Study linking fracking to Permian Basin earthquakes stirs public debate by Sergio Chapa, Oct. 15, 2019, Houston Chronicle
A new study from the University of Texas at Austin blames hydraulic fracturing for causing some earthquakes in the Permian Basin of West Texas, dispelling the widely held view that oilfield wastewater disposals wells were solely responsible for the man-made tremors.
In a study released Tuesday afternoon, scientists with the TexNet Seismic Monitoring Program at UT Austin reported that some earthquakes in Reeves, Pecos and Culberson counties may have been caused by fracking, the process of pumping water, sand and chemicals at high pressures deep underground to crack shale rock and unlock and oil natural gas.
Previous studies had blamed the earthquakes in oil-producing regions across on disposal wells, into which wastewater from drilling, hydraulic fracturing and production activities is injected.
“The research done through this new study in West Texas, using a statistical approach to associate (earthquakes) with oil and gas operations, suggests that some (earthquakes are) more likely related to hydraulic fracturing than saltwater disposal,” Alexandros Savvaidis, a research scientist and manager of the TexNet Seismic Monitoring Program, said in a statement.
TexNet was created ted by the Texas Legislature in 2015 to study the growing number of earthquakes around the state and their relation to oil and gas drilling. TexNet, funded by the state and housed at UT Austin, has nearly 60 seismographs deployed across the state. Its research arm, the Center for Integrated Seismicity Research, or CISR, is funded by the state in partnership with companies such as Chevron, Exxon Mobil and Shell.
So far this year, TexNet seismographs have recorded 209 earthquakes across the state above a 2.0-magnitude, which the US. Geological Survey reports are not generally felt. The strongest of this year’s quakes was recorded near Synder on Oct. 1. — a 3.8-magnitude tremor, strong enough be felt by some people on the ground and those in the upper floors of buildings.
The number of earthquakes recorded this year have already outpaced the 192 recorded by TexNet last year when the strongest one recorded was on Oct. 20, 2018 near Amarillo — a 4.2-magnitude earthquake that should have been strong enough to be felt by people indoors in addition to rattling dishes, windows and doors.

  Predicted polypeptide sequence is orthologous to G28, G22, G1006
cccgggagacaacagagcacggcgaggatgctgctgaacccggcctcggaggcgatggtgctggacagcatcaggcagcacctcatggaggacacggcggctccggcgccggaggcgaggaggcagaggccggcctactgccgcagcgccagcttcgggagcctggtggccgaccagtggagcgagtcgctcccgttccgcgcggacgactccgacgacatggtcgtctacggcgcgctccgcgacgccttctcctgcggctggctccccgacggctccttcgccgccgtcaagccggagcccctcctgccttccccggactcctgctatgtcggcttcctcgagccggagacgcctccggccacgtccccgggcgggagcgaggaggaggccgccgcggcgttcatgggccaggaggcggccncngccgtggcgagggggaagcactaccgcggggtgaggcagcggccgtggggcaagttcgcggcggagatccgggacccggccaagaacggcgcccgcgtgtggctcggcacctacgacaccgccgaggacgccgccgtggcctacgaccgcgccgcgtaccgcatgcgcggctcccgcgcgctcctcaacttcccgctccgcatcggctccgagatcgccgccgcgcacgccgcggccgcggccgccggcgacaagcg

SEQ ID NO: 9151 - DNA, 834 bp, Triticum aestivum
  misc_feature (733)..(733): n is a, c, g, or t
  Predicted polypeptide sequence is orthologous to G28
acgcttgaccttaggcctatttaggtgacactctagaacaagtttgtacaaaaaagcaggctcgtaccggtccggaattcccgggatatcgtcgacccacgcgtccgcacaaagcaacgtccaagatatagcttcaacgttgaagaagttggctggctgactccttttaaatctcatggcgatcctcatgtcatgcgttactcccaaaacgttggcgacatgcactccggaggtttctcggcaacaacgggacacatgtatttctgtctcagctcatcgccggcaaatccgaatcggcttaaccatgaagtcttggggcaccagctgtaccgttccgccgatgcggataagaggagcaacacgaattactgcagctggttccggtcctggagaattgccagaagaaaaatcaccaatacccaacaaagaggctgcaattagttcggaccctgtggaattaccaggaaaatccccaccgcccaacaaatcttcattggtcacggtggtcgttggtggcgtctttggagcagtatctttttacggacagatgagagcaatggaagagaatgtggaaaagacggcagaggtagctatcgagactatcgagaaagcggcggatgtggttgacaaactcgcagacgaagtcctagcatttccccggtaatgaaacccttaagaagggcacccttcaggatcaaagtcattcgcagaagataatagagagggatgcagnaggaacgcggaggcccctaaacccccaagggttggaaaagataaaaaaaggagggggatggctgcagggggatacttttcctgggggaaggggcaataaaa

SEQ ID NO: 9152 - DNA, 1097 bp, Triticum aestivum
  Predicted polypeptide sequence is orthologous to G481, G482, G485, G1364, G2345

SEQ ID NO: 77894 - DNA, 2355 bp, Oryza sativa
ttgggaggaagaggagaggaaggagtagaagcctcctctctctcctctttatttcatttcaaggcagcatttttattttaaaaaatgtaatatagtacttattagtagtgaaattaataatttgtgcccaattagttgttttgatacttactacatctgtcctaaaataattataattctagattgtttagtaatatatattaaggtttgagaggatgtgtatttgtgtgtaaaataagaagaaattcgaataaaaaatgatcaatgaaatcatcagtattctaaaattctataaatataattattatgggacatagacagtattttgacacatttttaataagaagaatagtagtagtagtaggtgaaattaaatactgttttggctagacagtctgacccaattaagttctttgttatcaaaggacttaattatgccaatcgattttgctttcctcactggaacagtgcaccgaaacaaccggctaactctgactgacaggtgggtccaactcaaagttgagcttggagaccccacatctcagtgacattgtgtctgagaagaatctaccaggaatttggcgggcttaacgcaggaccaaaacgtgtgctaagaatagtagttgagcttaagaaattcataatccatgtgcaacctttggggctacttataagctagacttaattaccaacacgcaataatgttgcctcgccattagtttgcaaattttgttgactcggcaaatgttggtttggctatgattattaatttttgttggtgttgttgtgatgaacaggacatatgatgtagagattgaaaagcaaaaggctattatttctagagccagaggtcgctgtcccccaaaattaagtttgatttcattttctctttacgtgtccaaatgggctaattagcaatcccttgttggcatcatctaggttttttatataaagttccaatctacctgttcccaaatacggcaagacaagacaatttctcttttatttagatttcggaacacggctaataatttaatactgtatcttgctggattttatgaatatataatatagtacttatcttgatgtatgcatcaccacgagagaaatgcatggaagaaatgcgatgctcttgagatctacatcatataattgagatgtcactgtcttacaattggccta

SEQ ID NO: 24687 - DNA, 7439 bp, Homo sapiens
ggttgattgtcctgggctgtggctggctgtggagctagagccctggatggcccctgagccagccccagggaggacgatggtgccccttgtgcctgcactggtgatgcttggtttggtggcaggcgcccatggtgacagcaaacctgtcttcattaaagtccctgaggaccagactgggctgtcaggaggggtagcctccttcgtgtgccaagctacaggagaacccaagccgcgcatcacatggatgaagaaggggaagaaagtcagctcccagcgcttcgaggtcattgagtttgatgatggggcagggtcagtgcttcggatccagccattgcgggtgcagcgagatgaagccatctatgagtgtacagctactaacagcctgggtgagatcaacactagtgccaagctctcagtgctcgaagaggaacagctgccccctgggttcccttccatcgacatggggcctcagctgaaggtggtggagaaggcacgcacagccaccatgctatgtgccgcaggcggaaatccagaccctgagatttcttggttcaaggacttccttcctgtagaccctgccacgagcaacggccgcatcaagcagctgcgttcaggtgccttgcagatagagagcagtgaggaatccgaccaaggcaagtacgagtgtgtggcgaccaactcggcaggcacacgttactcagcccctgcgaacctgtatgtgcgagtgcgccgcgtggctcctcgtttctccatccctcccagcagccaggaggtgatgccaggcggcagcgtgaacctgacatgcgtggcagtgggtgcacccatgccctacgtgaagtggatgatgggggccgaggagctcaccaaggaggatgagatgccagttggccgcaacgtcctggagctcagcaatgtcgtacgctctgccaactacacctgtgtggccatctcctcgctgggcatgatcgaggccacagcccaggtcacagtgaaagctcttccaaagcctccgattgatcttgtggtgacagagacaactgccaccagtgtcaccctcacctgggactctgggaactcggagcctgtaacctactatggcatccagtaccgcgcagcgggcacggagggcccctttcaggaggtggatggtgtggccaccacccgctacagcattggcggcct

Sharon Wilson, an anti-fracking activist and Dallas organizer for the environmental group Earthworks, said the study confirmed what she and others have been saying for years — that hydraulic fracturing can cause earthquakes.
While previous studies from Southern Methodist University, the U.S. Geological Survey and other sources blamed earthquakes in North Texas on saltwater disposal activity, Wilson and others insisted on calling the tremors “frackquakes.”
“It’s no surprise to communities affected by these quakes that science confirms they’re fracking-related,” Wilson told the Houston Chronicle. “But there’s a gap between what the science repeatedly shows and what Texas regulators require to protect the public. And that’s a chasm that Texas families and their homes have fallen into for years.”
Following a string of earthquakes in Azle and other towns in the Barnett Shale of North Texas in 2013, the Railroad Commission of Texas, the state agency that regulates the oil and gas industry, hired a seismologist and adopted stricter regulations for saltwater disposal wells in November 2014.
Over the last five years, the agency has received 657 disposal well applications in areas of where earthquakes has occurred historically. Of those proposed projects, 302 permits were issued with special conditions that include reducing maximum daily injection volumes and pressures.
Applications for 91 disposal sites were returned or withdrawn. Another 82 applications were sent to hearing while 25 permits were issued without special conditions and 157 applications are pending technical review
It remains to be seen how or if the new study will lead the Railroad Commission to consider new regulations. Railroad Commission seismologist Aaron Velasco, who serves as a technical advisor to TexNet, said the agency and its procedures are based on the best available science at the time.
“This science is evolving rapidly and thanks to the Texas Legislature’s commitment of millions of dollars to set up and maintain TexNet — Texas’ first statewide network of seismometers to detect and record seismic activity — which is providing an enormous amount of data for analysis and understanding,” Veslasco said.